Japan In Britain: Music and manga hit the mainstream
Thursday 16 October 1997
Some 55,000 Japanese currently live in the United Kingdom, compared to just over 6,000 in 1976, according to statistics compiled by the Japanese Embassy.
Almost 25,000 are concentrated in London. Traditional enclaves include Ealing, Edgeware, Finchley, Golders Green and Camden - though more and more expatriates are starting to move south of the river.
Company workers represent just under 40 per cent, while numbers of students, researchers and teachers have been growing steadily. In 1996 they comprised 43 per cent of the total Japanese population in the UK, up almost 9 per cent from 1995.
The result is a younger, more dynamic community - one that is less willing to keep itself to itself.
In addition, young holiday-makers back home are eschewing the traditional Hawaiian tours to visit Britain independently. Last year, 595,000 Japanese spent pounds 448m throughout the country, compared to 211,000 spending pounds 94m in 1985.
There are now more than 1,250 Japanese-owned businesses in the UK, including some 50 banks and more than 200 manufacturers. Throughout the 70s there were hardly 20.
As the community grows, so does the influence of Japanese culture. The first Japanese restaurants set up shop in London in the late 60s. Now there are more than 150. Noodle bars like the wildly successful Wagamama in Bloomsbury have sprung up from Brixton to Colindale, and sushi has become something of an institution.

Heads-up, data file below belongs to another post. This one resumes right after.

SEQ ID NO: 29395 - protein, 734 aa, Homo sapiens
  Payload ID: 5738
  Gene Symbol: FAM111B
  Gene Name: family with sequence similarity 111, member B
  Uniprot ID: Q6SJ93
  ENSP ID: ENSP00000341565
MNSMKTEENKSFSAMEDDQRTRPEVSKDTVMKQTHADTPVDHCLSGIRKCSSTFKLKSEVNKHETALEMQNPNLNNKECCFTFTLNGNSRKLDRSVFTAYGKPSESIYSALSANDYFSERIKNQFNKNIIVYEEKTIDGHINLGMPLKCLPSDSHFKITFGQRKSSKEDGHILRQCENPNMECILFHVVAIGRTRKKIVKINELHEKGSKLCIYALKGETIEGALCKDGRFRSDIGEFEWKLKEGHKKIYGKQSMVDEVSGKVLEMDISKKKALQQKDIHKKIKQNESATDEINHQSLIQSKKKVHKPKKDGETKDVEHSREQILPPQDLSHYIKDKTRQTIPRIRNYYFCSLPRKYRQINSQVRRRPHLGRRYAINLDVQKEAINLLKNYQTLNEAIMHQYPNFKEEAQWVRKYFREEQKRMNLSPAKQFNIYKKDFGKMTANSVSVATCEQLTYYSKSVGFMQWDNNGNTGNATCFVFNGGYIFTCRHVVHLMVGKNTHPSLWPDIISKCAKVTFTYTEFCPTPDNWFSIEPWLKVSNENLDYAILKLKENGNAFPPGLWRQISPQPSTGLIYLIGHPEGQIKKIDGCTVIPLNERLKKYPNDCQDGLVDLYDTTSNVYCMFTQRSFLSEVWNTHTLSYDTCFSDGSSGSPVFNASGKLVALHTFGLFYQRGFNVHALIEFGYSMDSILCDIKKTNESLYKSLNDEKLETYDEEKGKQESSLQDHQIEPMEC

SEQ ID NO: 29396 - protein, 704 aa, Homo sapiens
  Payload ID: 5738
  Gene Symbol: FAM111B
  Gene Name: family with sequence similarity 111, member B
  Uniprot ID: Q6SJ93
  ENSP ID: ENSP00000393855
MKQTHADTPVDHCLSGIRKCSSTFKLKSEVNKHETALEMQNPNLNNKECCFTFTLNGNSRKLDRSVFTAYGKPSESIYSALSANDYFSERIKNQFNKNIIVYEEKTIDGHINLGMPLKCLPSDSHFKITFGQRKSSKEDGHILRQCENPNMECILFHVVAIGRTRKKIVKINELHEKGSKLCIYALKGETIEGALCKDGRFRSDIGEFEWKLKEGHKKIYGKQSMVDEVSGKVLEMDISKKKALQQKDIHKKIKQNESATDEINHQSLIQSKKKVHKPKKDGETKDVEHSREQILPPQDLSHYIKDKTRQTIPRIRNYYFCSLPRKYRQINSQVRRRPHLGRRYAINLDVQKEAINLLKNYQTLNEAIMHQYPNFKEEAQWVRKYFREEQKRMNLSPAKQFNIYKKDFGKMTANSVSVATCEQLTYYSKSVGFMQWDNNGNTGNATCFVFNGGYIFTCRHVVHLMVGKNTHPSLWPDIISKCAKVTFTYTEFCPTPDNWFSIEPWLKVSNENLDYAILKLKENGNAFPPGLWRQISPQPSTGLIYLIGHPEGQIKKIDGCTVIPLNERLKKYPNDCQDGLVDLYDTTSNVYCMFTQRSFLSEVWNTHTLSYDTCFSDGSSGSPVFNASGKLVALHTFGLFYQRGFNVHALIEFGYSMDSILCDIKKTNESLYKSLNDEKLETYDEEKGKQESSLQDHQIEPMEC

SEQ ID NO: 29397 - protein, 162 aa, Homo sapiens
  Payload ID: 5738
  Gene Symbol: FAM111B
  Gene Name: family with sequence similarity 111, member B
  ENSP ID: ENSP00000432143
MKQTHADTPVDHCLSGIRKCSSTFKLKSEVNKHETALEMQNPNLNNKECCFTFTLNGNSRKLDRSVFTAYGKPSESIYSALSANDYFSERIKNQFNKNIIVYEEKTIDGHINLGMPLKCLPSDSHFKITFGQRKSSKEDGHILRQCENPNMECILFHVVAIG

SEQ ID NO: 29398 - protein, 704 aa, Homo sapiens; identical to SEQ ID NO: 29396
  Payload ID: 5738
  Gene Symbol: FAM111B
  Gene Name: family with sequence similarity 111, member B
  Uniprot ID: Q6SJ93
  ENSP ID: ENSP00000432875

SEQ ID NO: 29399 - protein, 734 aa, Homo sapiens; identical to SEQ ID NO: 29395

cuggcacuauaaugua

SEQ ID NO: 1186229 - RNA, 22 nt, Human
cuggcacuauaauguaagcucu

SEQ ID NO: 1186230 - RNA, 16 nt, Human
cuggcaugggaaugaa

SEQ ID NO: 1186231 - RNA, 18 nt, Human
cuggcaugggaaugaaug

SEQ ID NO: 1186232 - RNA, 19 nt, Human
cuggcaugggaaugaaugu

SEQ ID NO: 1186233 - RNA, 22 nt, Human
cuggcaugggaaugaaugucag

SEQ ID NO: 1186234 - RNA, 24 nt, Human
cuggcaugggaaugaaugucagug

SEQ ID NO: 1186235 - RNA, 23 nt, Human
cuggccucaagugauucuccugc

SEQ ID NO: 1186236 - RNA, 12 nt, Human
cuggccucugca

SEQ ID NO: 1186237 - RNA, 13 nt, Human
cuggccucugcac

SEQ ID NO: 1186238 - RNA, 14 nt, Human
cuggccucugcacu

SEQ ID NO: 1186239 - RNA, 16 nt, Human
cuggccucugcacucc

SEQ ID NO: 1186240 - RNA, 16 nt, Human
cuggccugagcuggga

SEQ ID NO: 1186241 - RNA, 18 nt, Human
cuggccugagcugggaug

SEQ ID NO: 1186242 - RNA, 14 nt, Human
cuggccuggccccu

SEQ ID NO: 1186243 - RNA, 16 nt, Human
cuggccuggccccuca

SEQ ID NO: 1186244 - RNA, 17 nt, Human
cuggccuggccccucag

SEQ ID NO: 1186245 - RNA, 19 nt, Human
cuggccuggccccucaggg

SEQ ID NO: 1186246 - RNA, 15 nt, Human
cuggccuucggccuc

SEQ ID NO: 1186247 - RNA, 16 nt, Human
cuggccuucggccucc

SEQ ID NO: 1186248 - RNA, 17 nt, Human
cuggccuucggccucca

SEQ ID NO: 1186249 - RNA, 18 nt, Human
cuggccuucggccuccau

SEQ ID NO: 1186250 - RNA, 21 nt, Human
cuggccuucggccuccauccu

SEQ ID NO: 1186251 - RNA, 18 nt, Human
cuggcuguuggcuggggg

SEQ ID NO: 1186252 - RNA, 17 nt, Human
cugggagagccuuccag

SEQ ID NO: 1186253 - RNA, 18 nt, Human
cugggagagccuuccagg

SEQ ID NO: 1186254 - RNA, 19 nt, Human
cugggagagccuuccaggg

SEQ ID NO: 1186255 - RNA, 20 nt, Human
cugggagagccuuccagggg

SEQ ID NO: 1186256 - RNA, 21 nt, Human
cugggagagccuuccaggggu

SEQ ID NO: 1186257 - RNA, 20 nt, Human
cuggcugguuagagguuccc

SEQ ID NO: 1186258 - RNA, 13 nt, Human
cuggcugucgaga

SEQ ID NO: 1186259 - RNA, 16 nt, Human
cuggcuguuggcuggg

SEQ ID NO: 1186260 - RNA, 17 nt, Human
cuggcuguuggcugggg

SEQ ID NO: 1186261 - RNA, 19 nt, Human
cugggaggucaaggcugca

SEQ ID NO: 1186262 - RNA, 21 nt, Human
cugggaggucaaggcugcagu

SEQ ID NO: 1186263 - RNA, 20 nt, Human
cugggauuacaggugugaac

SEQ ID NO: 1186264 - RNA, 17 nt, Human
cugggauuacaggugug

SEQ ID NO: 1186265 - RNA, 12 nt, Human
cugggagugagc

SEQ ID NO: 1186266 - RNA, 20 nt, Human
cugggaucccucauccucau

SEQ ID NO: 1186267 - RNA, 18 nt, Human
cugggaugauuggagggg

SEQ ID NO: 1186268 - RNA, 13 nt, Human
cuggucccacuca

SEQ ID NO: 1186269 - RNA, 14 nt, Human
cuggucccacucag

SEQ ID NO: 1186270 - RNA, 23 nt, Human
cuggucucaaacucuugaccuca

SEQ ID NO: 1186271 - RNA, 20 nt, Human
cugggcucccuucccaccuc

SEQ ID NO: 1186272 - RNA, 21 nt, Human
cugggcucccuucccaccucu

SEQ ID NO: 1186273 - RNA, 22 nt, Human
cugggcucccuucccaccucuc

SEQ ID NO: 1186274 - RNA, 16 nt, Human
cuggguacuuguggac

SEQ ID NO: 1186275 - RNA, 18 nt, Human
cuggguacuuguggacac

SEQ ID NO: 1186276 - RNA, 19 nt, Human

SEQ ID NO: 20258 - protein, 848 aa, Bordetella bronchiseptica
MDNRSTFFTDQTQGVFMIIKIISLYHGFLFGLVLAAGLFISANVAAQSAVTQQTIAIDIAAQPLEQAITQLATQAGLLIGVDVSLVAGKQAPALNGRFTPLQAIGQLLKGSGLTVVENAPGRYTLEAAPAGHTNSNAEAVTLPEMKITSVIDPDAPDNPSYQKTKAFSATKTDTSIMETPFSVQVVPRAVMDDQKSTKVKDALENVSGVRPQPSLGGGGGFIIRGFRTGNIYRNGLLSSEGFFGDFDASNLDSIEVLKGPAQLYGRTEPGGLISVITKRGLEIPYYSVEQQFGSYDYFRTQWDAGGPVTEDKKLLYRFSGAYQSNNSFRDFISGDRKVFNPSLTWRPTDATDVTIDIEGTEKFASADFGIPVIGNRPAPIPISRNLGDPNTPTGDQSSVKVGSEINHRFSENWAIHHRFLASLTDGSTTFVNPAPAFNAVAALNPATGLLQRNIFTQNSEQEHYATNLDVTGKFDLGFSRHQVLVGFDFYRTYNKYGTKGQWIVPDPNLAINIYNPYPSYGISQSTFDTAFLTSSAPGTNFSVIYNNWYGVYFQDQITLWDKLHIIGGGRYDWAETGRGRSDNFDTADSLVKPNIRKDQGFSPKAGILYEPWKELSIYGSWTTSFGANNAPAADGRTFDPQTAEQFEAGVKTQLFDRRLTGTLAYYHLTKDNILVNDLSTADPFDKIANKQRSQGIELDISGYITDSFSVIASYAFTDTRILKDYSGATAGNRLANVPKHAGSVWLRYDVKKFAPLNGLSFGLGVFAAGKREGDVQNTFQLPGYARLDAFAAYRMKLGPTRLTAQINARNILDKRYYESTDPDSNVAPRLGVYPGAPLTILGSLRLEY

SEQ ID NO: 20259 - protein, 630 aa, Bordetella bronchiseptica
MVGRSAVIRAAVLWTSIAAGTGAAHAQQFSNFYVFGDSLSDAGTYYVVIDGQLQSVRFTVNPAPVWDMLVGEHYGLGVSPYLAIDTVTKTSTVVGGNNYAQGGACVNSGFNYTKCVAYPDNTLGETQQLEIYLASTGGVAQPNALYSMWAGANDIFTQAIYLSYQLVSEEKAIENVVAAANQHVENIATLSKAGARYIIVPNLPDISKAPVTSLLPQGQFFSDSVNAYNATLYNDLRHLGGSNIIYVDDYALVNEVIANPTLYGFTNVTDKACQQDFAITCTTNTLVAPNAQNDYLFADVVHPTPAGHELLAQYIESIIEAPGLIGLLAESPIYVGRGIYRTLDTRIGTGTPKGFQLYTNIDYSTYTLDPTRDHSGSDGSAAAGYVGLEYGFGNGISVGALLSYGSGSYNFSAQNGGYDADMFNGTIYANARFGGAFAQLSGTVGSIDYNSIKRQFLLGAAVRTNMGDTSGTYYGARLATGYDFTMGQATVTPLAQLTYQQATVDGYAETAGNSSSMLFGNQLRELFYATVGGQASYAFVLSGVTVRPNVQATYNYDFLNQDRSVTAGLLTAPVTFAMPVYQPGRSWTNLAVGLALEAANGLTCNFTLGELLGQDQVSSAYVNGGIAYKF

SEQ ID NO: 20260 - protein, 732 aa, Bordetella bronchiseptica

The same is true of other Japanese exports - from karaoke to manga to tamagotchi. Popular music, too, has made its mark, both in the clubs and on the radio.
And just in case you've forgotten, the London-based pop group Shonen Knife did girl power long before the Spice Girls.
- 1 Fifty Shades of Grey trailer released: First look at Jamie Dornan as Christian Grey
- 2 Is Gideon Levy the most hated man in Israel or just the most heroic?
- 3 50 books for students to read this summer: From Ernest Hemingway to Gillian Flynn
- 4 Students offered grants if they tweet pro-Israeli propaganda
- 5 Rebecca Hall on her film career so far: ‘I’ve played too many repressed neurotics’
Israel-Gaza conflict: Israeli targeting policy under scrutiny after shellfire hits a mother and child, a school full of refugees and a doctor’s home
Peaches Geldof: Her final day – and her fatal decision
Students offered grants if they tweet pro-Israeli propaganda
Iraq crisis: Isis orders Mosul shop keepers to cover mannequins
Israel-Gaza conflict: Israel may have committed war crimes, says UN human rights chief
Malaysia Airlines MH17 crash: Vladimir Putin is given 'one last chance' to end hostilities in Ukraine
The 'scroungers’ fight back: The welfare claimants battling to alter stereotypes
The truth about conspiracy theories is that some require considering
Arizona execution lasts two hours as killer Joseph Wood left 'snorting and gasping' for air
Malaysia Airlines MH17 crash: Ukrainian military jet was flying close to passenger plane before it was shot down, says Russian officer
Malaysia Airlines MH17 crash: Massive rise in sale of British arms to Russia
£300 - £350 per day: Harrington Starr: C#.NET Developer C#, WPF,BLL,MVVM, SOA...
Negotiable: Harrington Starr: Service Delivery Manager - (Derivatives, Support...
£30000 - £55000 per annum: Harrington Starr: Technical Account Manager - Java,...
£300 - £350 per day: Harrington Starr: WPF Analyst Programmer NET, WPF, C#, M...